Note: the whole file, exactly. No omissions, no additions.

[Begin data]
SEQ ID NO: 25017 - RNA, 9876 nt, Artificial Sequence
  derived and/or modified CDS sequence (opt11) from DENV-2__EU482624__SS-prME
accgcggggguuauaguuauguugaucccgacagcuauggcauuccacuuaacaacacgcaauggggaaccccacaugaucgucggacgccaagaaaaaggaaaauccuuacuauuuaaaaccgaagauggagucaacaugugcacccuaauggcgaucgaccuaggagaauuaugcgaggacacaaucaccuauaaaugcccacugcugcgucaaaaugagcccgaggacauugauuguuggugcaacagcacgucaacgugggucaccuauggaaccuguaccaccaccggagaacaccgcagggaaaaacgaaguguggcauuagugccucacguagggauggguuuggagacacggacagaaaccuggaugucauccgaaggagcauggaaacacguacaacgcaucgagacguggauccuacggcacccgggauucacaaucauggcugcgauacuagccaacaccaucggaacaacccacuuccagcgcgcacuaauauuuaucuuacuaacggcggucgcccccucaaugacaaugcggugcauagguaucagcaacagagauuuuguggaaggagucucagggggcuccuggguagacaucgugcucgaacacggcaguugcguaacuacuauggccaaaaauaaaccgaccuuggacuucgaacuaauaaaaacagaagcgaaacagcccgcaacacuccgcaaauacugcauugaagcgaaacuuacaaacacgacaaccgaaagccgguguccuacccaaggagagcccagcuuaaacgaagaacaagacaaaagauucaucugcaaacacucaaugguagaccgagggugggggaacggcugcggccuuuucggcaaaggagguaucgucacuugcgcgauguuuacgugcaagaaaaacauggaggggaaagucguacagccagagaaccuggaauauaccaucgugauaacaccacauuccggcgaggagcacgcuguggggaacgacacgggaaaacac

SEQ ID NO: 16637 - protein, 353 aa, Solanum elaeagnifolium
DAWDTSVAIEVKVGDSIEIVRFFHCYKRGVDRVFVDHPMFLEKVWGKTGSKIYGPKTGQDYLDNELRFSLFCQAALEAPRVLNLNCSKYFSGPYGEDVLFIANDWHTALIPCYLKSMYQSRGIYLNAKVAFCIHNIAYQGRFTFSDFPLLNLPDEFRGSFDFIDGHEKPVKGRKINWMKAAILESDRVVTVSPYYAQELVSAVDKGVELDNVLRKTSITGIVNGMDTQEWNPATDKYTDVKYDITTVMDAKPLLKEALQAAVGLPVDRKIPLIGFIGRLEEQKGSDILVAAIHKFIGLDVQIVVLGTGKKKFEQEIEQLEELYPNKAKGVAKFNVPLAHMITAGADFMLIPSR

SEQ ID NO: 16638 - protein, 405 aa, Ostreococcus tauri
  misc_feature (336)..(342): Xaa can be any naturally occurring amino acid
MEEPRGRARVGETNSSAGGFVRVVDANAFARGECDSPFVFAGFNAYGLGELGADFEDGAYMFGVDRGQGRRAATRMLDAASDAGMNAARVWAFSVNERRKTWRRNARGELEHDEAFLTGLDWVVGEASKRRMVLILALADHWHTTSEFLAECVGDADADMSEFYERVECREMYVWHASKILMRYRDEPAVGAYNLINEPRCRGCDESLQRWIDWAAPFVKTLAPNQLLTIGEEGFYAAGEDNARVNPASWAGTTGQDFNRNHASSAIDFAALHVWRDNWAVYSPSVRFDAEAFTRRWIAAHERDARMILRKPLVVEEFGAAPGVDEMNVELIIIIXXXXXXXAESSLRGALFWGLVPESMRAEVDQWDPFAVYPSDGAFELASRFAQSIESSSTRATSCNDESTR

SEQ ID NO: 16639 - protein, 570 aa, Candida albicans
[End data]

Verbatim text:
SEQ ID NO: 25017 - RNA, 9876 nt, Artificial Sequence
  derived and/or modified CDS sequence (opt11) from DENV-2__EU482624__SS-prME
accgcggggguuauaguuauguugaucccgacagcuauggcauuccacuuaacaacacgcaauggggaaccccacaugaucgucggacgccaagaaaaaggaaaauccuuacuauuuaaaaccgaagauggagucaacaugugcacccuaauggcgaucgaccuaggagaauuaugcgaggacacaaucaccuauaaaugcccacugcugcgucaaaaugagcccgaggacauugauuguuggugcaacagcacgucaacgugggucaccuauggaaccuguaccaccaccggagaacaccgcagggaaaaacgaaguguggcauuagugccucacguagggauggguuuggagacacggacagaaaccuggaugucauccgaaggagcauggaaacacguacaacgcaucgagacguggauccuacggcacccgggauucacaaucauggcugcgauacuagccaacaccaucggaacaacccacuuccagcgcgcacuaauauuuaucuuacuaacggcggucgcccccucaaugacaaugcggugcauagguaucagcaacagagauuuuguggaaggagucucagggggcuccuggguagacaucgugcucgaacacggcaguugcguaacuacuauggccaaaaauaaaccgaccuuggacuucgaacuaauaaaaacagaagcgaaacagcccgcaacacuccgcaaauacugcauugaagcgaaacuuacaaacacgacaaccgaaagccgguguccuacccaaggagagcccagcuuaaacgaagaacaagacaaaagauucaucugcaaacacucaaugguagaccgagggugggggaacggcugcggccuuuucggcaaaggagguaucgucacuugcgcgauguuuacgugcaagaaaaacauggaggggaaagucguacagccagagaaccuggaauauaccaucgugauaacaccacauuccggcgaggagcacgcuguggggaacgacacgggaaaacac

SEQ ID NO: 16637 - protein, 353 aa, Solanum elaeagnifolium
DAWDTSVAIEVKVGDSIEIVRFFHCYKRGVDRVFVDHPMFLEKVWGKTGSKIYGPKTGQDYLDNELRFSLFCQAALEAPRVLNLNCSKYFSGPYGEDVLFIANDWHTALIPCYLKSMYQSRGIYLNAKVAFCIHNIAYQGRFTFSDFPLLNLPDEFRGSFDFIDGHEKPVKGRKINWMKAAILESDRVVTVSPYYAQELVSAVDKGVELDNVLRKTSITGIVNGMDTQEWNPATDKYTDVKYDITTVMDAKPLLKEALQAAVGLPVDRKIPLIGFIGRLEEQKGSDILVAAIHKFIGLDVQIVVLGTGKKKFEQEIEQLEELYPNKAKGVAKFNVPLAHMITAGADFMLIPSR

SEQ ID NO: 16638 - protein, 405 aa, Ostreococcus tauri
  misc_feature (336)..(342): Xaa can be any naturally occurring amino acid
MEEPRGRARVGETNSSAGGFVRVVDANAFARGECDSPFVFAGFNAYGLGELGADFEDGAYMFGVDRGQGRRAATRMLDAASDAGMNAARVWAFSVNERRKTWRRNARGELEHDEAFLTGLDWVVGEASKRRMVLILALADHWHTTSEFLAECVGDADADMSEFYERVECREMYVWHASKILMRYRDEPAVGAYNLINEPRCRGCDESLQRWIDWAAPFVKTLAPNQLLTIGEEGFYAAGEDNARVNPASWAGTTGQDFNRNHASSAIDFAALHVWRDNWAVYSPSVRFDAEAFTRRWIAAHERDARMILRKPLVVEEFGAAPGVDEMNVELIIIIXXXXXXXAESSLRGALFWGLVPESMRAEVDQWDPFAVYPSDGAFELASRFAQSIESSSTRATSCNDESTR

SEQ ID NO: 16639 - protein, 570 aa, Candida albicans